Monday, March 22

World Championship Start Orders for Compulsory Dance and Pairs Short Program

The compulsory dance and pairs short program kick off the 2010 World Figure Skating Championships, and the competition begins in just over 13 hours. Time for me to go to bed.. okay, not just yet.

The starting orders for the two segments taking place Tuesday have now been published on the ISU result page: compulsory dance start order / pairs short program start order.

General thoughts about the draws:
First, if you weren't aware, the initial draw orders are partially determined by ISU World Ranking. The "earlier groups" of the segment features the lower half of the skaters in the rankings, and the "later groups" obviously includes the top half.
In ice dance, the very final warm-up group includes four of the five highest-ranked teams from the Olympics. The one team that isn't in that top five are Italians Anna Cappellini and Luca LaNotte, who drew unfortunate start numbers all throughout the Vancouver Games. Nice change! Olympic Champions Tessa Virtue and Scott Moir are the top-five team not in the final warm-up group, but skate last in the penultimate group. I'm pretty sure they aren't worried about that.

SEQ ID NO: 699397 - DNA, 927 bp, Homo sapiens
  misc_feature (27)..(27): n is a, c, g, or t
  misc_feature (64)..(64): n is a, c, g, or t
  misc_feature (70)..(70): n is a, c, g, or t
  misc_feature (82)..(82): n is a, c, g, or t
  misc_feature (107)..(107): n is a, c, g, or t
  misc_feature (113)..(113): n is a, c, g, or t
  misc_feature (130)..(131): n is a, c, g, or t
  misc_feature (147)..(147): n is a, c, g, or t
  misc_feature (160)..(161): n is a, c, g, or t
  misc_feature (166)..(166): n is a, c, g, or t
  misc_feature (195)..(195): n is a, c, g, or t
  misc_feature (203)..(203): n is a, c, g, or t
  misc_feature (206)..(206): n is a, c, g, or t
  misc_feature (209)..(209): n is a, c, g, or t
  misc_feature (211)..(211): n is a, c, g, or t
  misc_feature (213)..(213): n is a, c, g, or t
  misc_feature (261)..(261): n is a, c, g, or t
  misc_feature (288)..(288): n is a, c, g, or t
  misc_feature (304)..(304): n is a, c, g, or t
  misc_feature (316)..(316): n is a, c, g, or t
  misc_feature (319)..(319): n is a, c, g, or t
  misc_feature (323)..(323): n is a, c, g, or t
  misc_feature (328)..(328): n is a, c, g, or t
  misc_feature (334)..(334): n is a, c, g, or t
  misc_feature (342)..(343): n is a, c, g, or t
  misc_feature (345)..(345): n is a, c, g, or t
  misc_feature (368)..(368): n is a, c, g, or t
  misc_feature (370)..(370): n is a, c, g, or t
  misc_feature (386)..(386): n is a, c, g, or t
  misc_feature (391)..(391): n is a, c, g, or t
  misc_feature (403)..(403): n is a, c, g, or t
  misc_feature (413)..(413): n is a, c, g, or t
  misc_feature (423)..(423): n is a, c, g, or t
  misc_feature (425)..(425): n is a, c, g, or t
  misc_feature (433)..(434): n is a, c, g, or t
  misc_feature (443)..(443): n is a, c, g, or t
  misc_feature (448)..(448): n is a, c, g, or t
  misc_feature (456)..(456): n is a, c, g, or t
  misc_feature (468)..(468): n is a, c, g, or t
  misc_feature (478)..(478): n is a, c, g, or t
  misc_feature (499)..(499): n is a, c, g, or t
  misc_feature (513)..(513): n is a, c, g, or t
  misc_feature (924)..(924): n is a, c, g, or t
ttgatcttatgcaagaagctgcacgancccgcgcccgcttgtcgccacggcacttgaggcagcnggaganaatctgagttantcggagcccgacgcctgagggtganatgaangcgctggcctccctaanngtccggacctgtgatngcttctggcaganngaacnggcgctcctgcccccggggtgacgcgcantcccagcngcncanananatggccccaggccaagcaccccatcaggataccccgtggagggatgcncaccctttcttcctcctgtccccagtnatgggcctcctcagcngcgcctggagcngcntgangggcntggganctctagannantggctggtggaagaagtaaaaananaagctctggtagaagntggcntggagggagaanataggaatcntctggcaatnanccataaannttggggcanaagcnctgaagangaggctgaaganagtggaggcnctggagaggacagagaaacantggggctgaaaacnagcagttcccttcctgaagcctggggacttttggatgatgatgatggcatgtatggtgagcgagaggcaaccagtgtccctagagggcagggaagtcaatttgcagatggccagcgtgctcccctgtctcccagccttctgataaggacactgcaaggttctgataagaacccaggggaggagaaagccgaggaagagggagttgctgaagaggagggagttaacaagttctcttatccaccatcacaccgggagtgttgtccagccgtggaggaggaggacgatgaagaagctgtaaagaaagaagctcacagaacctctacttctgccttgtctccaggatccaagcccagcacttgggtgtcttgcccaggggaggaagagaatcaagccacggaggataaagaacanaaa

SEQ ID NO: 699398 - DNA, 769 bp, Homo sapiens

In the pairs field, the only team in the "earlier half" of skaters that really might shake up the top ten are Russians Vera Bazarova and Yuri Larionov, and they drew a decent start position. The Canadian teams of Annabelle Langlois and Cody Hay, and Jessica Dube and Bryce Davison both drew the final positions for the groups they were sorted into. Langlois and Hay skate 18th of 25, while Dube and Davison skate last. Right before them comes Chinese Olympic silver medalists Qing Pang and Jian Tong, most likely in their final event. Olympic bronze medalists Aliona Savchenko and Robin Szolkowy of Germany skate first of the top groups, at number 19.

Remember, the point of the International Judging System is that skaters are being marked against a code of points and a 10-point scale for program components, rather than against one another. Now, that concept might not always seem to be true, but in a perfect world the starting orders would have no significant meaning at all. Again, in a perfect world..

No comments: